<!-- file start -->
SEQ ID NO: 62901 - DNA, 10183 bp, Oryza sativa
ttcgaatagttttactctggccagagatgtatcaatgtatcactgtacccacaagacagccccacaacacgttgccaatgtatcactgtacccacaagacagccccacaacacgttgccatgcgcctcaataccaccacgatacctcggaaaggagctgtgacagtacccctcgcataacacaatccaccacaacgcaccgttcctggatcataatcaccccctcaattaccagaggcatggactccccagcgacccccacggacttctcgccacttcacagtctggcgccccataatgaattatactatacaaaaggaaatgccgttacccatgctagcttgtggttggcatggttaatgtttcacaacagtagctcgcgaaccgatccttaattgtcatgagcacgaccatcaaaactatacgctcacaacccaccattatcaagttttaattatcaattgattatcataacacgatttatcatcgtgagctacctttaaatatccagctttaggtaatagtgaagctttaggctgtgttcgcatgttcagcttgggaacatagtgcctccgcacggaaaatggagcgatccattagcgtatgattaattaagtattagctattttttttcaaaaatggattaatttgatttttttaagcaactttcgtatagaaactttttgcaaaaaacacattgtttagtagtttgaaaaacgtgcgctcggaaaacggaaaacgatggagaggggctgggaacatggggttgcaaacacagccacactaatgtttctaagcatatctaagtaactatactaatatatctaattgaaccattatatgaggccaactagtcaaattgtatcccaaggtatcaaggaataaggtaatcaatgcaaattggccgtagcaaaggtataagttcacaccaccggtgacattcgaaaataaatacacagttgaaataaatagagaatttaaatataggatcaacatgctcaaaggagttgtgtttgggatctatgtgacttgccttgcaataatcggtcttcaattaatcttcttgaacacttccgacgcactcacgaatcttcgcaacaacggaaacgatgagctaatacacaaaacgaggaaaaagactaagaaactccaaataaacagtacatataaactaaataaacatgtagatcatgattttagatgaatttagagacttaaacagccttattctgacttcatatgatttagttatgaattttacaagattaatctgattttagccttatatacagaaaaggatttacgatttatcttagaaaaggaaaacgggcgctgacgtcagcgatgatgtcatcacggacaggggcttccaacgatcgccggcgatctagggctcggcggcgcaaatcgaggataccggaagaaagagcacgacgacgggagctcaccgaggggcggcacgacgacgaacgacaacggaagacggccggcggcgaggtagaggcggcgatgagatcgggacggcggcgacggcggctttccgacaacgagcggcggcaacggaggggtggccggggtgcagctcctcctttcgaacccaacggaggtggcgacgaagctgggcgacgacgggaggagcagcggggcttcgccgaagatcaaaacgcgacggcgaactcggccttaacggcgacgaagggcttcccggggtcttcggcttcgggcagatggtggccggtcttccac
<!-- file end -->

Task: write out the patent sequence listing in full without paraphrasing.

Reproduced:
SEQ ID NO: 62901 - DNA, 10183 bp, Oryza sativa
ttcgaatagttttactctggccagagatgtatcaatgtatcactgtacccacaagacagccccacaacacgttgccaatgtatcactgtacccacaagacagccccacaacacgttgccatgcgcctcaataccaccacgatacctcggaaaggagctgtgacagtacccctcgcataacacaatccaccacaacgcaccgttcctggatcataatcaccccctcaattaccagaggcatggactccccagcgacccccacggacttctcgccacttcacagtctggcgccccataatgaattatactatacaaaaggaaatgccgttacccatgctagcttgtggttggcatggttaatgtttcacaacagtagctcgcgaaccgatccttaattgtcatgagcacgaccatcaaaactatacgctcacaacccaccattatcaagttttaattatcaattgattatcataacacgatttatcatcgtgagctacctttaaatatccagctttaggtaatagtgaagctttaggctgtgttcgcatgttcagcttgggaacatagtgcctccgcacggaaaatggagcgatccattagcgtatgattaattaagtattagctattttttttcaaaaatggattaatttgatttttttaagcaactttcgtatagaaactttttgcaaaaaacacattgtttagtagtttgaaaaacgtgcgctcggaaaacggaaaacgatggagaggggctgggaacatggggttgcaaacacagccacactaatgtttctaagcatatctaagtaactatactaatatatctaattgaaccattatatgaggccaactagtcaaattgtatcccaaggtatcaaggaataaggtaatcaatgcaaattggccgtagcaaaggtataagttcacaccaccggtgacattcgaaaataaatacacagttgaaataaatagagaatttaaatataggatcaacatgctcaaaggagttgtgtttgggatctatgtgacttgccttgcaataatcggtcttcaattaatcttcttgaacacttccgacgcactcacgaatcttcgcaacaacggaaacgatgagctaatacacaaaacgaggaaaaagactaagaaactccaaataaacagtacatataaactaaataaacatgtagatcatgattttagatgaatttagagacttaaacagccttattctgacttcatatgatttagttatgaattttacaagattaatctgattttagccttatatacagaaaaggatttacgatttatcttagaaaaggaaaacgggcgctgacgtcagcgatgatgtcatcacggacaggggcttccaacgatcgccggcgatctagggctcggcggcgcaaatcgaggataccggaagaaagagcacgacgacgggagctcaccgaggggcggcacgacgacgaacgacaacggaagacggccggcggcgaggtagaggcggcgatgagatcgggacggcggcgacggcggctttccgacaacgagcggcggcaacggaggggtggccggggtgcagctcctcctttcgaacccaacggaggtggcgacgaagctgggcgacgacgggaggagcagcggggcttcgccgaagatcaaaacgcgacggcgaactcggccttaacggcgacgaagggcttcccggggtcttcggcttcgggcagatggtggccggtcttccac